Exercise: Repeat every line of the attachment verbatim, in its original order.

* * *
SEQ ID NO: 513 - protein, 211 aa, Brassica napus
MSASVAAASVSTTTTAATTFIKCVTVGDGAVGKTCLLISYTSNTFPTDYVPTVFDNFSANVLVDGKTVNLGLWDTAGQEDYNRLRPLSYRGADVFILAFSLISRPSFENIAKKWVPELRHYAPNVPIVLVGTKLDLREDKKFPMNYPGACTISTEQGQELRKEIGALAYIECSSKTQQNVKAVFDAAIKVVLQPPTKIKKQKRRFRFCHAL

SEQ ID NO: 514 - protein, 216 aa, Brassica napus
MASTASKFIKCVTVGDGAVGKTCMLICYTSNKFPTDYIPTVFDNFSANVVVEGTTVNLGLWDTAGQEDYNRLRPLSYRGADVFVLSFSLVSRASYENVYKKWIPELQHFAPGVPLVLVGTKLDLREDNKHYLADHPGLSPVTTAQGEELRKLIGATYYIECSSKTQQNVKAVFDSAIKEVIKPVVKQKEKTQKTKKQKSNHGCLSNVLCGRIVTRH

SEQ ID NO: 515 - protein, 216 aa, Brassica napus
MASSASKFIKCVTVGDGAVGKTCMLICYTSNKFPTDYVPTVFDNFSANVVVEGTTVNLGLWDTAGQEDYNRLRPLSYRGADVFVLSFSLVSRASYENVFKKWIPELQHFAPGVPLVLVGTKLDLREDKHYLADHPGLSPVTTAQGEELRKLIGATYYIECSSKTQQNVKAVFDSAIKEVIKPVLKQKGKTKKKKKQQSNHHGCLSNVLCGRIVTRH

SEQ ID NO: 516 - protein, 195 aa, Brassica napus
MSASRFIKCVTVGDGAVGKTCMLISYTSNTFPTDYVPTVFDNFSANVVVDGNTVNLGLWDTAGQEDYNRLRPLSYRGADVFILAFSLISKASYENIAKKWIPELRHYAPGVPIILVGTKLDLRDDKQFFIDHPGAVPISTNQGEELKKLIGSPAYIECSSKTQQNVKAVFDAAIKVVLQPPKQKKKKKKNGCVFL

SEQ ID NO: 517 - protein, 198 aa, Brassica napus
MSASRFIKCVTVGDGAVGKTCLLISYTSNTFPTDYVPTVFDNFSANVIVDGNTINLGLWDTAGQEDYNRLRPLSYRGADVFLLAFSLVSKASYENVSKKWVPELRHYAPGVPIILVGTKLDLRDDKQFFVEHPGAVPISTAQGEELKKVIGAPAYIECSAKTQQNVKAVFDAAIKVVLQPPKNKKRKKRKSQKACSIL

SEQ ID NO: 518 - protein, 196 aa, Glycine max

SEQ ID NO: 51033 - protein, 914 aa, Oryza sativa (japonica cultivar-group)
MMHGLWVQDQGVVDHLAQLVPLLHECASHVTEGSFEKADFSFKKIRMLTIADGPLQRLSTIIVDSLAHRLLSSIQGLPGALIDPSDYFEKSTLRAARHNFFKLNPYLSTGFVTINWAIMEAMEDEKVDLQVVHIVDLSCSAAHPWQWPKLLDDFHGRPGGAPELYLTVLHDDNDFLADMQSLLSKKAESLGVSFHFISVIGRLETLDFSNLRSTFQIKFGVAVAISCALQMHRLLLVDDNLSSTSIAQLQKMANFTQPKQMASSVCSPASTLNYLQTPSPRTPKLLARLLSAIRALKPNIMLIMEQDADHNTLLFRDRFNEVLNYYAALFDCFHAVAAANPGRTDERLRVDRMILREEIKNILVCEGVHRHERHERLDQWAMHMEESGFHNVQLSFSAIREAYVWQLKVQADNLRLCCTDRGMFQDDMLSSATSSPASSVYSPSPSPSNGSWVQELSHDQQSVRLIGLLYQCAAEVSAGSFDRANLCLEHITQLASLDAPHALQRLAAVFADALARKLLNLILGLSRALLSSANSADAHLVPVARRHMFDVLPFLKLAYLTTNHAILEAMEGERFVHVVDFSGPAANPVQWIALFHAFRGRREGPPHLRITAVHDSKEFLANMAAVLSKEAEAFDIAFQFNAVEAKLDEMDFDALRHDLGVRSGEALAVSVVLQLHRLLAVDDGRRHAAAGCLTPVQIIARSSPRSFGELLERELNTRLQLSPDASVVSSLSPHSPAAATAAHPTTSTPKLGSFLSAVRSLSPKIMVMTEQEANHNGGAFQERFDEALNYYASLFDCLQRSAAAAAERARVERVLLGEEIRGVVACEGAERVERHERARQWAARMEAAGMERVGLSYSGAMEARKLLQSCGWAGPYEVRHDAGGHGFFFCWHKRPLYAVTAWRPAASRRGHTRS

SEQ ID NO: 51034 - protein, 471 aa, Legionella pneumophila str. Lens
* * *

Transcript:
SEQ ID NO: 513 - protein, 211 aa, Brassica napus
MSASVAAASVSTTTTAATTFIKCVTVGDGAVGKTCLLISYTSNTFPTDYVPTVFDNFSANVLVDGKTVNLGLWDTAGQEDYNRLRPLSYRGADVFILAFSLISRPSFENIAKKWVPELRHYAPNVPIVLVGTKLDLREDKKFPMNYPGACTISTEQGQELRKEIGALAYIECSSKTQQNVKAVFDAAIKVVLQPPTKIKKQKRRFRFCHAL

SEQ ID NO: 514 - protein, 216 aa, Brassica napus
MASTASKFIKCVTVGDGAVGKTCMLICYTSNKFPTDYIPTVFDNFSANVVVEGTTVNLGLWDTAGQEDYNRLRPLSYRGADVFVLSFSLVSRASYENVYKKWIPELQHFAPGVPLVLVGTKLDLREDNKHYLADHPGLSPVTTAQGEELRKLIGATYYIECSSKTQQNVKAVFDSAIKEVIKPVVKQKEKTQKTKKQKSNHGCLSNVLCGRIVTRH

SEQ ID NO: 515 - protein, 216 aa, Brassica napus
MASSASKFIKCVTVGDGAVGKTCMLICYTSNKFPTDYVPTVFDNFSANVVVEGTTVNLGLWDTAGQEDYNRLRPLSYRGADVFVLSFSLVSRASYENVFKKWIPELQHFAPGVPLVLVGTKLDLREDKHYLADHPGLSPVTTAQGEELRKLIGATYYIECSSKTQQNVKAVFDSAIKEVIKPVLKQKGKTKKKKKQQSNHHGCLSNVLCGRIVTRH

SEQ ID NO: 516 - protein, 195 aa, Brassica napus
MSASRFIKCVTVGDGAVGKTCMLISYTSNTFPTDYVPTVFDNFSANVVVDGNTVNLGLWDTAGQEDYNRLRPLSYRGADVFILAFSLISKASYENIAKKWIPELRHYAPGVPIILVGTKLDLRDDKQFFIDHPGAVPISTNQGEELKKLIGSPAYIECSSKTQQNVKAVFDAAIKVVLQPPKQKKKKKKNGCVFL

SEQ ID NO: 517 - protein, 198 aa, Brassica napus
MSASRFIKCVTVGDGAVGKTCLLISYTSNTFPTDYVPTVFDNFSANVIVDGNTINLGLWDTAGQEDYNRLRPLSYRGADVFLLAFSLVSKASYENVSKKWVPELRHYAPGVPIILVGTKLDLRDDKQFFVEHPGAVPISTAQGEELKKVIGAPAYIECSAKTQQNVKAVFDAAIKVVLQPPKNKKRKKRKSQKACSIL

SEQ ID NO: 518 - protein, 196 aa, Glycine max

SEQ ID NO: 51033 - protein, 914 aa, Oryza sativa (japonica cultivar-group)
MMHGLWVQDQGVVDHLAQLVPLLHECASHVTEGSFEKADFSFKKIRMLTIADGPLQRLSTIIVDSLAHRLLSSIQGLPGALIDPSDYFEKSTLRAARHNFFKLNPYLSTGFVTINWAIMEAMEDEKVDLQVVHIVDLSCSAAHPWQWPKLLDDFHGRPGGAPELYLTVLHDDNDFLADMQSLLSKKAESLGVSFHFISVIGRLETLDFSNLRSTFQIKFGVAVAISCALQMHRLLLVDDNLSSTSIAQLQKMANFTQPKQMASSVCSPASTLNYLQTPSPRTPKLLARLLSAIRALKPNIMLIMEQDADHNTLLFRDRFNEVLNYYAALFDCFHAVAAANPGRTDERLRVDRMILREEIKNILVCEGVHRHERHERLDQWAMHMEESGFHNVQLSFSAIREAYVWQLKVQADNLRLCCTDRGMFQDDMLSSATSSPASSVYSPSPSPSNGSWVQELSHDQQSVRLIGLLYQCAAEVSAGSFDRANLCLEHITQLASLDAPHALQRLAAVFADALARKLLNLILGLSRALLSSANSADAHLVPVARRHMFDVLPFLKLAYLTTNHAILEAMEGERFVHVVDFSGPAANPVQWIALFHAFRGRREGPPHLRITAVHDSKEFLANMAAVLSKEAEAFDIAFQFNAVEAKLDEMDFDALRHDLGVRSGEALAVSVVLQLHRLLAVDDGRRHAAAGCLTPVQIIARSSPRSFGELLERELNTRLQLSPDASVVSSLSPHSPAAATAAHPTTSTPKLGSFLSAVRSLSPKIMVMTEQEANHNGGAFQERFDEALNYYASLFDCLQRSAAAAAERARVERVLLGEEIRGVVACEGAERVERHERARQWAARMEAAGMERVGLSYSGAMEARKLLQSCGWAGPYEVRHDAGGHGFFFCWHKRPLYAVTAWRPAASRRGHTRS

SEQ ID NO: 51034 - protein, 471 aa, Legionella pneumophila str. Lens